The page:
Date of Award

Spring 2006

Document Type

Dissertation

Degree Name

Doctor of Philosophy in Mechanical Engineering - (Ph.D.)

Department

Mechanical Engineering

First Advisor

Edward L. Dreyzin

Second Advisor

Ronald W. Smith

Third Advisor

Boris Khusid

Fourth Advisor

Rajesh N. Dave

Fifth Advisor

Mirko Schoenitz

Abstract

A new type of metastable reactive powders for potential use as high energy density materials in propellants, explosives, and pyrotechnics was developed. These powders are intended to replace aluminum typically added to energetic formulations to increase reaction enthalpy and temperature. The new materials are metastable aluminum-based alloys, which enable achievement of substantially reduced ignition temperatures and accelerated bulk burn rates compared to aluminum. Titanium and lithium were used as alloying components. The materials properties and characteristics leading to their enhanced combustion performance were investigated. The powders were prepared using mechanical alloying and characterized using X-Ray Diffraction (XRD), Scanning Electron Microscopy with Energy Dispersive X-ray spectrometer (SEM/EDX), and thermal analysis. Detailed ignition measurements were performed to identify the processes affecting ignition for the prepared metastable powders.

Al-Ti alloys were prepared with compositions ranging from Al0.95Ti0.05 to Al0.75Ti0.25. Mechanically alloyed powders comprised solid solution of Ti and Al. Upon their heating, a number of subsolidus exothermic transitions were detected and assigned to formation of different modifications of Al3Ti. For alloys with 20 at-% or less of Ti, an endothermic transition was observed around 1170K, which was assigned to the formation of aluminum and titanium carbides with the carbon impurities coming from the stearic acid added to the mechanically alloyed powders as a process control agent. Three distinguishable oxidation steps were observed for the prepared alloys. The products formed at different oxidation stages were quantitatively analyzed by XRD. While Al2O3 and TiO2 were the main oxidation products, the stepwise oxidation was related to phase transitions of the alumina oxide scale. Ignition of mechanically alloyed AL-Ti powders was investigated experimentally for heating rates ranging from 3 x 103 - 2 x 104 K/s. It was shown that ignition was triggered by the exothermic formation of a metastable L12 phase of Al3Ti. This conclusion was confirmed by additional ignition experiments in which annealed mechanical alloys already containing this transition Al3Ti phase were used. The annealed alloys did not ignite in the same temperature range as freshly prepared metastable alloys.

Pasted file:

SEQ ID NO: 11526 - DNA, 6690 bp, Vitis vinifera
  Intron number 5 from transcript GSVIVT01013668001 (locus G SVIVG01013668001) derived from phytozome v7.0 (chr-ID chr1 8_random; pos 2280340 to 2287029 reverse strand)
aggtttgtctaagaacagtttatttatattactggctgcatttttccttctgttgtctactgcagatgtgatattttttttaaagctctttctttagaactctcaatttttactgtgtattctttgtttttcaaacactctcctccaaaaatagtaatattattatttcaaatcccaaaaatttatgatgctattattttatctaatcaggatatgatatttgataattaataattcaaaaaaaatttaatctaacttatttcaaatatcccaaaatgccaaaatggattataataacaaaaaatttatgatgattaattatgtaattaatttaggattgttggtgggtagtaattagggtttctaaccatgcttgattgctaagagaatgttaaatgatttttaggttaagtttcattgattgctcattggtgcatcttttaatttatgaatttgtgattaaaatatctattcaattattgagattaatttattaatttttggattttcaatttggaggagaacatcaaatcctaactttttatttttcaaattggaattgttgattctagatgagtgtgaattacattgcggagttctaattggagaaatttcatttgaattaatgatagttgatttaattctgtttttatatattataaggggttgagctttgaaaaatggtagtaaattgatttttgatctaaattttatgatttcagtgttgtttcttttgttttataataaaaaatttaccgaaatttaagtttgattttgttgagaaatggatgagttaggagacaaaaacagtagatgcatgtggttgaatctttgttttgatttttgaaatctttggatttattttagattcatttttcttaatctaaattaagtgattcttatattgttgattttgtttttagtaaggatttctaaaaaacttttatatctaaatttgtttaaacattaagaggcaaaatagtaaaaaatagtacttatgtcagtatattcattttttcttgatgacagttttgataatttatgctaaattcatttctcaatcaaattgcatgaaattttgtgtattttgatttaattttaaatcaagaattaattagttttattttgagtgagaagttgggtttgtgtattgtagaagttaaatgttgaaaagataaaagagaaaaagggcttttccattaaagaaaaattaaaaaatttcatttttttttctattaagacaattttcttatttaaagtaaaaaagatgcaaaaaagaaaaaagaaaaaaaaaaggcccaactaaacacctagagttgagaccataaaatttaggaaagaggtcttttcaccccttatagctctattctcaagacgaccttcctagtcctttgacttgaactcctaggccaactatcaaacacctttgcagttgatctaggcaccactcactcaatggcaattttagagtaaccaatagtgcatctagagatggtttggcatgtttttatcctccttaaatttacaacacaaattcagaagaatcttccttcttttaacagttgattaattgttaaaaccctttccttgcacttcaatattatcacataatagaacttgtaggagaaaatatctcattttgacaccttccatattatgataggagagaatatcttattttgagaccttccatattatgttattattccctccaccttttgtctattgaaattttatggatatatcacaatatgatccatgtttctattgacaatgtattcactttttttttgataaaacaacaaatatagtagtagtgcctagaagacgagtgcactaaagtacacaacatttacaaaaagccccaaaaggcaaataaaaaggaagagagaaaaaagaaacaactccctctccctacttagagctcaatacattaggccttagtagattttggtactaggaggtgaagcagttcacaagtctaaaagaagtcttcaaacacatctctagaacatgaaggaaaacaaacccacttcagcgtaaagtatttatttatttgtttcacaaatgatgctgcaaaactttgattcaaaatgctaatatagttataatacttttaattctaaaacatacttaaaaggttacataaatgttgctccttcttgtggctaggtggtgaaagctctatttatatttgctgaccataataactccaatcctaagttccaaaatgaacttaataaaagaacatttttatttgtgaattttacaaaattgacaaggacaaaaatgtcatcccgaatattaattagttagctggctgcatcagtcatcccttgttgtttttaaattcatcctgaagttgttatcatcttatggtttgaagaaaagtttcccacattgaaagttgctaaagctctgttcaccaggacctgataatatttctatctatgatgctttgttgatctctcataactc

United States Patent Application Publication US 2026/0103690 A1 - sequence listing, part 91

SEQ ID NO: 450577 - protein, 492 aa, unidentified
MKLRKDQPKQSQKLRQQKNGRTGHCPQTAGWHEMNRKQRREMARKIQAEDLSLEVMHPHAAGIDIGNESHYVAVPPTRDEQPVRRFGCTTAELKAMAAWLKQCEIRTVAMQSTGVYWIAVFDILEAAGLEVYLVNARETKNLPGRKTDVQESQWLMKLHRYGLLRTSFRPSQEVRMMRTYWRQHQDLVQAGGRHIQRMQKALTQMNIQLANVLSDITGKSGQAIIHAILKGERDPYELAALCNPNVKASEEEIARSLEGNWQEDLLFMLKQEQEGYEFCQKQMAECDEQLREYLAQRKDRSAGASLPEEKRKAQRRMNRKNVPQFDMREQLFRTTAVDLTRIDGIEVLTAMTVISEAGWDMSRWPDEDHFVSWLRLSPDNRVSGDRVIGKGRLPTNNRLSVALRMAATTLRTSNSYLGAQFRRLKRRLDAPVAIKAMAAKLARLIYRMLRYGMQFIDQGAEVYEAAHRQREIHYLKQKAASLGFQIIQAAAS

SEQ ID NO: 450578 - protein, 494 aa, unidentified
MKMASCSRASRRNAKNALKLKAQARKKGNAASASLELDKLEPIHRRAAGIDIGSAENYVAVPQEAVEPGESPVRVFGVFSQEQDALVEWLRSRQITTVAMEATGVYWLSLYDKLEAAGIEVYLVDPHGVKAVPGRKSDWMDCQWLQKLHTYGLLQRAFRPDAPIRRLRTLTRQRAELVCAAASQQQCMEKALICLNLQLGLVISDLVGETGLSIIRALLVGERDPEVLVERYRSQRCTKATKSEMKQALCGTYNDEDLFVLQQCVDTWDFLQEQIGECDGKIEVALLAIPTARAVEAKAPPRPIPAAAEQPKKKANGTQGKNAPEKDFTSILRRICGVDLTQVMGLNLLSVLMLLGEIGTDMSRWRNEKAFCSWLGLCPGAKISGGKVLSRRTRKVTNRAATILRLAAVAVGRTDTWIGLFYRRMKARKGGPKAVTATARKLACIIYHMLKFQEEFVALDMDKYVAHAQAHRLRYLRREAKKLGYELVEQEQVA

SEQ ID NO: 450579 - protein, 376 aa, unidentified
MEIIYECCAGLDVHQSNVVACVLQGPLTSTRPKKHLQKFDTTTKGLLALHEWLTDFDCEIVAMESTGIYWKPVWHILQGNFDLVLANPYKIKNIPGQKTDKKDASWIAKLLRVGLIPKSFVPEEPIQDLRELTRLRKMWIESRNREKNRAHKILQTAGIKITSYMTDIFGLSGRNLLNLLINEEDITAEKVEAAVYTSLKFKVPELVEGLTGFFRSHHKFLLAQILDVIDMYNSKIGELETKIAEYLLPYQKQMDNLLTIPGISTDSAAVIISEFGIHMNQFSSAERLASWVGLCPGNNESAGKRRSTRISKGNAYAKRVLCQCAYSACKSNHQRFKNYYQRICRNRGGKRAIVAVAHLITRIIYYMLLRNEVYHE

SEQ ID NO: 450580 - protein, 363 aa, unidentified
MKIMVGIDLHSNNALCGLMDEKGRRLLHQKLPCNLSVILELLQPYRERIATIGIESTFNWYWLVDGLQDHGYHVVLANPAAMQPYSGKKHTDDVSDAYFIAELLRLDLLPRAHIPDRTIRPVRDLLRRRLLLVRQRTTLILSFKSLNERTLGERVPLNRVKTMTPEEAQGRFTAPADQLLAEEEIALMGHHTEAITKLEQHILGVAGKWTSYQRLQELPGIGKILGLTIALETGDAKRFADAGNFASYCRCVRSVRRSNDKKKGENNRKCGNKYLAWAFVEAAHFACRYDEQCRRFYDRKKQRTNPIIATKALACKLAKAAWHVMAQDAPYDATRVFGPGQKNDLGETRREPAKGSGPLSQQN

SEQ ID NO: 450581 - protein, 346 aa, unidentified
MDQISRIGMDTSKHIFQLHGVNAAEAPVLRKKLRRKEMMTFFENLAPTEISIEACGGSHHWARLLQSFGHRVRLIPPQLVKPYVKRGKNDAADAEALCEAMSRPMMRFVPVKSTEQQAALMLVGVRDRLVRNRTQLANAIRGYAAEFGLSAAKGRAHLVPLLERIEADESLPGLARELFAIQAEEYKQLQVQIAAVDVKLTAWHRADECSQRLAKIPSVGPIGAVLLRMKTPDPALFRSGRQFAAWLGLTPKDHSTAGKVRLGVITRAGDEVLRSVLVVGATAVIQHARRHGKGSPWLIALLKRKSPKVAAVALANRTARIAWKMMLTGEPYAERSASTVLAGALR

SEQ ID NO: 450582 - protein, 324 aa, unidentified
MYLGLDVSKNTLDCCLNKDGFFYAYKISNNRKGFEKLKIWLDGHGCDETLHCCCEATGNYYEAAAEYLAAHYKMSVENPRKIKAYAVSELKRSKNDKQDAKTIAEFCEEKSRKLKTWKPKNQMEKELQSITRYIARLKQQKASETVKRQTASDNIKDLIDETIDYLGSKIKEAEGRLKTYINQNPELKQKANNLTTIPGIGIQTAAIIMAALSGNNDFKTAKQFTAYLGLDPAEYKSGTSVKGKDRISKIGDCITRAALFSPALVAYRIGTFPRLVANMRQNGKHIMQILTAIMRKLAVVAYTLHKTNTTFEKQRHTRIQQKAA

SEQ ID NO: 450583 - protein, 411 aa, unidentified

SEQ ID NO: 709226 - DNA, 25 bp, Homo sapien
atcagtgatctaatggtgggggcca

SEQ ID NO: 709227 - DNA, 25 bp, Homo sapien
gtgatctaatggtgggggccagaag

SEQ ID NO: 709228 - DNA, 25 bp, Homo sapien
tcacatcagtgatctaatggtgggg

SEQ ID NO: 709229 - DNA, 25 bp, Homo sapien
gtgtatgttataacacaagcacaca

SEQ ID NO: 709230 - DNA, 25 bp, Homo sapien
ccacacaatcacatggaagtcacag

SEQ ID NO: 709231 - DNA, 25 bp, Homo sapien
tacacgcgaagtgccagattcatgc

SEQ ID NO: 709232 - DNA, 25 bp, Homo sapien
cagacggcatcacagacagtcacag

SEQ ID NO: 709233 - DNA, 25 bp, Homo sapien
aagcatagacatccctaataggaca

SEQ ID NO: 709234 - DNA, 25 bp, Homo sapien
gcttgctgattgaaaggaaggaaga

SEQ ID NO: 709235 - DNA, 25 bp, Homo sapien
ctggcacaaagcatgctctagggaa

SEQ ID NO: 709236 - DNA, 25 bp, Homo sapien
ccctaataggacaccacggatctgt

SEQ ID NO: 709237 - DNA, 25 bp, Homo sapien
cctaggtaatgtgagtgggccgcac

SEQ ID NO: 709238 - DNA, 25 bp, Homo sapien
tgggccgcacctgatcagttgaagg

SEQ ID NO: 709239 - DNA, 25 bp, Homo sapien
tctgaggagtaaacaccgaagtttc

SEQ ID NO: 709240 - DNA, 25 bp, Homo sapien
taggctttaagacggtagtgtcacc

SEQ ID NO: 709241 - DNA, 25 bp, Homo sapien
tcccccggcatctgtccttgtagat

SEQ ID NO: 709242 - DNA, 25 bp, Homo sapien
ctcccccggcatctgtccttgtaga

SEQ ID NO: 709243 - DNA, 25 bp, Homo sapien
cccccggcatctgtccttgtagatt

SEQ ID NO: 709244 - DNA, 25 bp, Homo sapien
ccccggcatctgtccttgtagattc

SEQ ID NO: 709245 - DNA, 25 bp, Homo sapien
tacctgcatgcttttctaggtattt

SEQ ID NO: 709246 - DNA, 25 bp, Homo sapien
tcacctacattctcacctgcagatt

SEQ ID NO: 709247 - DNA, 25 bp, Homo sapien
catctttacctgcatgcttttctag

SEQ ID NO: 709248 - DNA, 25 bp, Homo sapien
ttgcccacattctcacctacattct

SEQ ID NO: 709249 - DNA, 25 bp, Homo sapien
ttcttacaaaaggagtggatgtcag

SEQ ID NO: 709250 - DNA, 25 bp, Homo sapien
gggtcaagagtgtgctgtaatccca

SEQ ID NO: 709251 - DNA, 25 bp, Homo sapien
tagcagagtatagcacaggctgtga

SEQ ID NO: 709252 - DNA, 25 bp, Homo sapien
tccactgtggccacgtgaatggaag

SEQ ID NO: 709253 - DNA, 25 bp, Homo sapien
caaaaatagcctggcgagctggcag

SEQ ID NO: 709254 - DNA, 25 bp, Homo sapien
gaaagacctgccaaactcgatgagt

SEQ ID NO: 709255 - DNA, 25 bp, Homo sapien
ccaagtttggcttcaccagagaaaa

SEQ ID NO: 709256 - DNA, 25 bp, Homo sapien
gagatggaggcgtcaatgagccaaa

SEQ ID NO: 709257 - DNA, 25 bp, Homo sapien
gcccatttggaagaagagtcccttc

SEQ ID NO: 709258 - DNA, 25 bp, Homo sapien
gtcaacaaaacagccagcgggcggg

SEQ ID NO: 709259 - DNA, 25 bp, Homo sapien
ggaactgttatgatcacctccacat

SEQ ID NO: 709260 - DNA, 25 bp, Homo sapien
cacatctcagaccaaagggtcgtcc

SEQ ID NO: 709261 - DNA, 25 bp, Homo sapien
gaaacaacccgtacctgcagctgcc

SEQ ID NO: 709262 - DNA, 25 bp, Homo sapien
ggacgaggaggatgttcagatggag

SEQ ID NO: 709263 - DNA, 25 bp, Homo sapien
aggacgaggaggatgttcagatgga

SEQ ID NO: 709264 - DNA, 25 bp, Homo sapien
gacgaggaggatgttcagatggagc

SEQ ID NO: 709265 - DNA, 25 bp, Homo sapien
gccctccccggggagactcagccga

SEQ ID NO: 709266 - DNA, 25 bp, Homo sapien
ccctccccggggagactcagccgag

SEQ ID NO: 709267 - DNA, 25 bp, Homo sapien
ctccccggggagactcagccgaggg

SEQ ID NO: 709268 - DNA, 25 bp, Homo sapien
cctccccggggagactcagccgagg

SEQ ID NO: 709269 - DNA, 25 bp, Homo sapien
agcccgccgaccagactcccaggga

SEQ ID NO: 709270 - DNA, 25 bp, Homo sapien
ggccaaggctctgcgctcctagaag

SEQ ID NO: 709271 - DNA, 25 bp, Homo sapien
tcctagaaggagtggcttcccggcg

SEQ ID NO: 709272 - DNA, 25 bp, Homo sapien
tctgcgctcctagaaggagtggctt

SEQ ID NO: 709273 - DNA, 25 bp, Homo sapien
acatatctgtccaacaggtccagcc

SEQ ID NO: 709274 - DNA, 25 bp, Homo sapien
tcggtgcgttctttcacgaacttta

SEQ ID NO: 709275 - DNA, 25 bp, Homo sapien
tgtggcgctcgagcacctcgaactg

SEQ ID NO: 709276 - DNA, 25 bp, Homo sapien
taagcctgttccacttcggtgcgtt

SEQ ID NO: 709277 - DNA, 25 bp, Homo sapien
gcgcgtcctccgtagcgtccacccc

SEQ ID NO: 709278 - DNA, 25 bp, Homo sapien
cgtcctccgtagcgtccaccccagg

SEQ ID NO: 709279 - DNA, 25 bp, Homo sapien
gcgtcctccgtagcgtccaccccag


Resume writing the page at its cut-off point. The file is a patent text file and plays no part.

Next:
Al-Li alloys were synthesized with a fixed bulk composition of Al0.7Li0.3. At short milling times, an intermetallic LiAl δ-phase was readily produced. At longer milling times, the LiAl phase disappears and a solid solution of Li in Al (Α-phase) formed with as much as 10 at-% of dissolved Li. Continuing milling resulted in the production of a uniform, x-ray amorphous phase. Kinetics of the exothermic processes of metastable relaxation in Al-Li alloys observed in thermal analysis was not found to directly correlate with the ignition kinetics. It was proposed that ignition in the prepared alloys was driven by selective oxidation of Li, with its rate being affected by the phase transformations occurring in the alloy upon its heating and diffusion of oxygen through Al2O3 films.

Ignition delays were substantially reduced for both prepared mechanically alloyed powders as compared to pure aluminum. Therefore, the developed materials can replace aluminum as an additive to energetic formulations for a number of practical applications.

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